For more than 15 years, the Saline Royale made the revival of its gardens, bringing a fresh touch to this classical site. Thanks to the Festival des Jardins, more than just a garden festival, it is an ambitious educational project that brings together many educational institutions, gathering nearly 600 students from France, Belgium and Switzerland, all are federated around a common project: to refresh 12 gardens each year.
It is a large multidisciplinary team composed of students, teachers, landscapers, artists and gardeners, who work every year to design and implement this project, with much of experimentation and savoir-faire sharing!
Regarding the 2019’s season, don’t miss the Jules Vernes World Exhibition, spread from May 18th to December 31th, 2019, retraces the life and publications of this famous novelist from Nantes. This event also evokes its epoch, shaken by many political events like the Revolution of February 1848. However, the beginning of the 19th century was also the period of great discoveries and many scientific journeys through the world who fed his imagination. The Industrial Revolution made the machines more and more present in daily life, exerted as well an important influence on his work.
The Ledoux Museum introduces more than 50 models for the only Museum in Europe devoted to an architect, Currently, the visitors have then the choice to visit between many other cultural spaces, like connected to the prominent thematics about Salt, like the Memories of the Place, this incredible collection presents the evolution of the Saline Royale from 1895 to the present days. In another hand, the Salt Stories evoke the colors, landscapes, techniques, values, trade and uses of salt, since this site is based on a saline, classified in the UNESCO’s World Heritage List. In addition, you may eat there and even sleep in the Hotel located in the historic site, whose rooms were renovated by another architect Jean-Michel Wilmotte.
Bourgogne-Franche-Comté is also a great spot for nature enthusiasts!
Indeed, for any hiker, the Source du Lison is a notable natural site, first ever classified in France, is a must see in your stay in Doubs! This water source is the starting point of the homonym Lison river, which would continue its path during 25 kilometers, before reaching the Loue Valley. Fueled by the waters of the limestone plateau that dominates it and by numerous fissures that have dug underground galleries, typical of the karstic relief, so typical of the Jura. Nevertheless, this waterfall, which springs from a visitable cavern, never stops floating. You may admire other sources in this wild region, on the very well documented website of the Montagnes du Jura.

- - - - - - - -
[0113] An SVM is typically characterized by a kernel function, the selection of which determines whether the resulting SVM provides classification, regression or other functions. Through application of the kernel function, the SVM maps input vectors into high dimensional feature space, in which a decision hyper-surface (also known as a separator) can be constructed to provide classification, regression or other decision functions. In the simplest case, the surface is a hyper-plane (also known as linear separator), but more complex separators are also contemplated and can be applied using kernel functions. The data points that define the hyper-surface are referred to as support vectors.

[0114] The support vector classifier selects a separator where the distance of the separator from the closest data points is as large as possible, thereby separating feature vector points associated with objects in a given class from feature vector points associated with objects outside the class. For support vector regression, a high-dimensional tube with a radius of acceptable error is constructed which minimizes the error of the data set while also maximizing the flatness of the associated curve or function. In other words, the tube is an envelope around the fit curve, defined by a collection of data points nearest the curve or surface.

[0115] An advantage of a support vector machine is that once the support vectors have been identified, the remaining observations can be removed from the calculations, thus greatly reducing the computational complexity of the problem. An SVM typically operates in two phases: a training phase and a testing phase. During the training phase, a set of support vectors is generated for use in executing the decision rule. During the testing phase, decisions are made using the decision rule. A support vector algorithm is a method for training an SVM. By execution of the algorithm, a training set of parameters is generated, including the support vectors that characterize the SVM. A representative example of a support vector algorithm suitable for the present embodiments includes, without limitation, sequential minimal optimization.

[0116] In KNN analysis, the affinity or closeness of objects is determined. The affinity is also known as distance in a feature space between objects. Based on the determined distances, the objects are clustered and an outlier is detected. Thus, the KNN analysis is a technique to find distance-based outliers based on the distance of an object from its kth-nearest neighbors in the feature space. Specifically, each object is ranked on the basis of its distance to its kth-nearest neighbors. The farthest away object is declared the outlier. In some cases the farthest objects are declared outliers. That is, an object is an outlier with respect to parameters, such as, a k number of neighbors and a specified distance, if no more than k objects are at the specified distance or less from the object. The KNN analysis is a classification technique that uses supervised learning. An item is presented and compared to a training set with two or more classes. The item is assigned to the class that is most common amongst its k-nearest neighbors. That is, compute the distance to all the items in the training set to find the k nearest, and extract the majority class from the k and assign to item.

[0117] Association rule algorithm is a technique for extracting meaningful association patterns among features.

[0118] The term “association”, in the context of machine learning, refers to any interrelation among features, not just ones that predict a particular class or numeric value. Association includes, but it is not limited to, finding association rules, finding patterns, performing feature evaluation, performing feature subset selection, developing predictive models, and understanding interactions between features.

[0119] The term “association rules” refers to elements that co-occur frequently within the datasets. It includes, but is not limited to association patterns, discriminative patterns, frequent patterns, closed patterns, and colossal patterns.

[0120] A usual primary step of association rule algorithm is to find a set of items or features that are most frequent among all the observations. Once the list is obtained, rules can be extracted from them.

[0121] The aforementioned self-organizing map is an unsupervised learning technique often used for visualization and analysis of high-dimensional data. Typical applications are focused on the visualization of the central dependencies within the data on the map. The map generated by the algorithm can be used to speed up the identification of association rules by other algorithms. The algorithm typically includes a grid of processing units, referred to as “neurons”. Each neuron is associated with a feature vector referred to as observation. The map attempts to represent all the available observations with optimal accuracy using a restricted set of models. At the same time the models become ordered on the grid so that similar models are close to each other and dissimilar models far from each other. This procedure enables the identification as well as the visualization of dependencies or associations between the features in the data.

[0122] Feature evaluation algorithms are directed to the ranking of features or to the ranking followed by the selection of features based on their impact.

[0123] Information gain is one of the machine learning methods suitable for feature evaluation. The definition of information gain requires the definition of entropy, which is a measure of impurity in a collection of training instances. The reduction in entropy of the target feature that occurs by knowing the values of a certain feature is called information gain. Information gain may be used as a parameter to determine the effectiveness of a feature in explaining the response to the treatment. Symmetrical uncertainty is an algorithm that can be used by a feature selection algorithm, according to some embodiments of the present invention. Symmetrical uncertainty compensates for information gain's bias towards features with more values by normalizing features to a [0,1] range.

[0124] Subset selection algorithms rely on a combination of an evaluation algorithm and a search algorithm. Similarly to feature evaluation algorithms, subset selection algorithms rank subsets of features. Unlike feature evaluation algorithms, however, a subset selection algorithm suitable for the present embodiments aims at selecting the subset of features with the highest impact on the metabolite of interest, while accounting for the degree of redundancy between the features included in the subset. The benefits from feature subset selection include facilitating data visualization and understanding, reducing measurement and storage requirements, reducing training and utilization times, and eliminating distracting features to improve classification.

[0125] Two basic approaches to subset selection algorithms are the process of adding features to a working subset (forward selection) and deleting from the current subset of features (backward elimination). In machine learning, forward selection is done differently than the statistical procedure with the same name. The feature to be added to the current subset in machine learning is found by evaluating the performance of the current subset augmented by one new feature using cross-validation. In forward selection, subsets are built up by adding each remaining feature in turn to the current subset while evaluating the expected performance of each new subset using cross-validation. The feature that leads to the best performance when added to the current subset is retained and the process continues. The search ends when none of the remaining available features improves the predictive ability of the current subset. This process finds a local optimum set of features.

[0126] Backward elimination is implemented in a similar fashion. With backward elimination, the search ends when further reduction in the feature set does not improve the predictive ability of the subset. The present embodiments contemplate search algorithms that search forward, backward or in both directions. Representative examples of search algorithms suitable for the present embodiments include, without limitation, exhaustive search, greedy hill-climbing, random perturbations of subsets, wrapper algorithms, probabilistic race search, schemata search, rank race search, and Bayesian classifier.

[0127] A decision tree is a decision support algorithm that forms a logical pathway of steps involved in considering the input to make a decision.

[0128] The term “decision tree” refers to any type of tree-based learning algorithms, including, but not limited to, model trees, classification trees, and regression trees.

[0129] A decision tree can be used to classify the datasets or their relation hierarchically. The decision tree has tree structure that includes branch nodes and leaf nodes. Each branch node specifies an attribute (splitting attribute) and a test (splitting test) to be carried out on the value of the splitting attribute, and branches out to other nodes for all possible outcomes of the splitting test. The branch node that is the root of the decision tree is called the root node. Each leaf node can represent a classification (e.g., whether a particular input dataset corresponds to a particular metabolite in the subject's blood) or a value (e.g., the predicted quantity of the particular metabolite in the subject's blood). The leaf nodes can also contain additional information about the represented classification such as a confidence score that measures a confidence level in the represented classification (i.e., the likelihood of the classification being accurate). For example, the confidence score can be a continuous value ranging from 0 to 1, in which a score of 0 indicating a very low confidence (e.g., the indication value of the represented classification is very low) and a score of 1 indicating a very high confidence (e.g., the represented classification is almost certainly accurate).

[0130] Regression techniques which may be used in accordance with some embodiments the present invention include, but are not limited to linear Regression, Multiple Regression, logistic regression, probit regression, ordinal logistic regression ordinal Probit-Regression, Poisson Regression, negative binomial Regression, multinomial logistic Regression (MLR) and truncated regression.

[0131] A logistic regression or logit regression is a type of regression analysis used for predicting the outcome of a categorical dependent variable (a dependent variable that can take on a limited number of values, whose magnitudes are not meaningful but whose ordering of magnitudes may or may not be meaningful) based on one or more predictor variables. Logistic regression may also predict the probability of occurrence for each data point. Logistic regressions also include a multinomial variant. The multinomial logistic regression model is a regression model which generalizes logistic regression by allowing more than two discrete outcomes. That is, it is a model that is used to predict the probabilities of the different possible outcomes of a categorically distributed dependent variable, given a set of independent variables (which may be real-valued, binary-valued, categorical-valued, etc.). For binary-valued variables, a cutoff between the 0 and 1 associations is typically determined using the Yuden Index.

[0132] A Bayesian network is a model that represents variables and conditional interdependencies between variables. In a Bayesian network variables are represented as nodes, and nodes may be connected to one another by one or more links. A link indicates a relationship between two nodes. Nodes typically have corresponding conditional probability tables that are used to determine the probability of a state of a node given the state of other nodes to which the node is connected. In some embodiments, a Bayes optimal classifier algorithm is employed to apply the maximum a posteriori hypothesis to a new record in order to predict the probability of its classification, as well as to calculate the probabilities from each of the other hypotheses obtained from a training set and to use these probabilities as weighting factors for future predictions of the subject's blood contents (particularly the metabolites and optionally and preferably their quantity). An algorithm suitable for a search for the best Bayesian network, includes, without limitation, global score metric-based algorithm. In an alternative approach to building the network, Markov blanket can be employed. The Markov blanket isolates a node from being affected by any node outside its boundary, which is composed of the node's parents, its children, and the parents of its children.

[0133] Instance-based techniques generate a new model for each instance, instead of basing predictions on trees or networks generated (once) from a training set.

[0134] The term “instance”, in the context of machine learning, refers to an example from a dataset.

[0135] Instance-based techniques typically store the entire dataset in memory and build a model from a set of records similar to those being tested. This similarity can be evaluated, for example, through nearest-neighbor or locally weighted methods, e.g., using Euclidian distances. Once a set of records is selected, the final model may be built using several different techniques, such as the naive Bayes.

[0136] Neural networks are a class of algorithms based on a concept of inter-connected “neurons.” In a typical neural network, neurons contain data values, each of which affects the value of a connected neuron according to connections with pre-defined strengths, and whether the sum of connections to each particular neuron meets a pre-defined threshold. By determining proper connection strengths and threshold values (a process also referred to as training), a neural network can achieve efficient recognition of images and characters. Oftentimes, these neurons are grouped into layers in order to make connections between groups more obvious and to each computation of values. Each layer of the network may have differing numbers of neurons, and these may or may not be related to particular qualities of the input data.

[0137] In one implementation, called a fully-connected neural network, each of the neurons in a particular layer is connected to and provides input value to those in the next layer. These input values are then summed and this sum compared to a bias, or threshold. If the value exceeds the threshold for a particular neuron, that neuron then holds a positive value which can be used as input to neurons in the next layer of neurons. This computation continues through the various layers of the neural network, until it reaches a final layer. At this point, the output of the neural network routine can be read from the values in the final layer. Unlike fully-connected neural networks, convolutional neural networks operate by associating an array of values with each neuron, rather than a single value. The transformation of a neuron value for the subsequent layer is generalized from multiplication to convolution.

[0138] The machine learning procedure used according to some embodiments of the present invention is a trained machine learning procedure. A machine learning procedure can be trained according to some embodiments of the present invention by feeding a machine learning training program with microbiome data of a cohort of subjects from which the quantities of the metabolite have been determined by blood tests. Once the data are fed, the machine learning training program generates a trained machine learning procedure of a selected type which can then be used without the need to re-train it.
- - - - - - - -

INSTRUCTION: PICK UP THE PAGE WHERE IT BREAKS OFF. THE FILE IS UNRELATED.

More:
Then not so far, the Via Ferrata, of the Échelles de la Mort (Scales of Death). You have to know that this path, located at the swiss border, was a high place for contraband between those two countries! Isolated in the upper valley of the Doubs or also called Death Valley, this testifies to the fear, once aroused by those places populated by legends, where many fatal accidents occurred at the occasion of the bricotte. This activity was back then a widespread practice, especially at the Franco-Swiss border in the 18th and 19th centuries (photo credits: Pays Horloger). Indeed, smuggling was indeed a lucrative activity. In this impressive site, you could still climb the ladders that allowed smugglers to transport various goods (flour, sugar, coffee, tobacco, etc.) on the backs of men by thwarting the surveillance of gabelous (customs officers).
Passing through a herd of cows and you could eventually reach the Remonot Chapel and grotto… Mentioned as early as the 12th century, but it has been used since the 18th century by hermits, who evangelized the region of Haut-Doubs, also named Pays Horloger. After being a hermitage, it was converted into a chapel, from the 17th century. After 1832, the starting of the construction of the church, that was consecrated in 1863. This bucolic site even features holy water, in which flows the secular source of Gesambrune. This cavity extends over 30m long, 12m wide and 4m high.
Surmounted by a pretty cloche dressed in copper which has a carillon of 20 bells, this cave-chapel was certainly dedicated to the prayer since the 7th century.
Consecrated in 1863, it houses the statue of Notre-Dame de Pitié (15th century). Many visitors often come to gather in this place charged with much of local History. Three pilgrimages gather hundreds of faithful: the Pentecost Monday, August 15th and the third Sunday of September. Listed as a Historical Monument since 2009, the cave is open all year (photo credits: La Croix).
Not so far, why wouldn’t you visit Dole, a water city of Jura?
You have to know that it’s the hometown of the famous scientist Louis Pasteur, whose father was a tanner. This is not a surprise since this city was strongly influenced by tanners, in every corner of the city!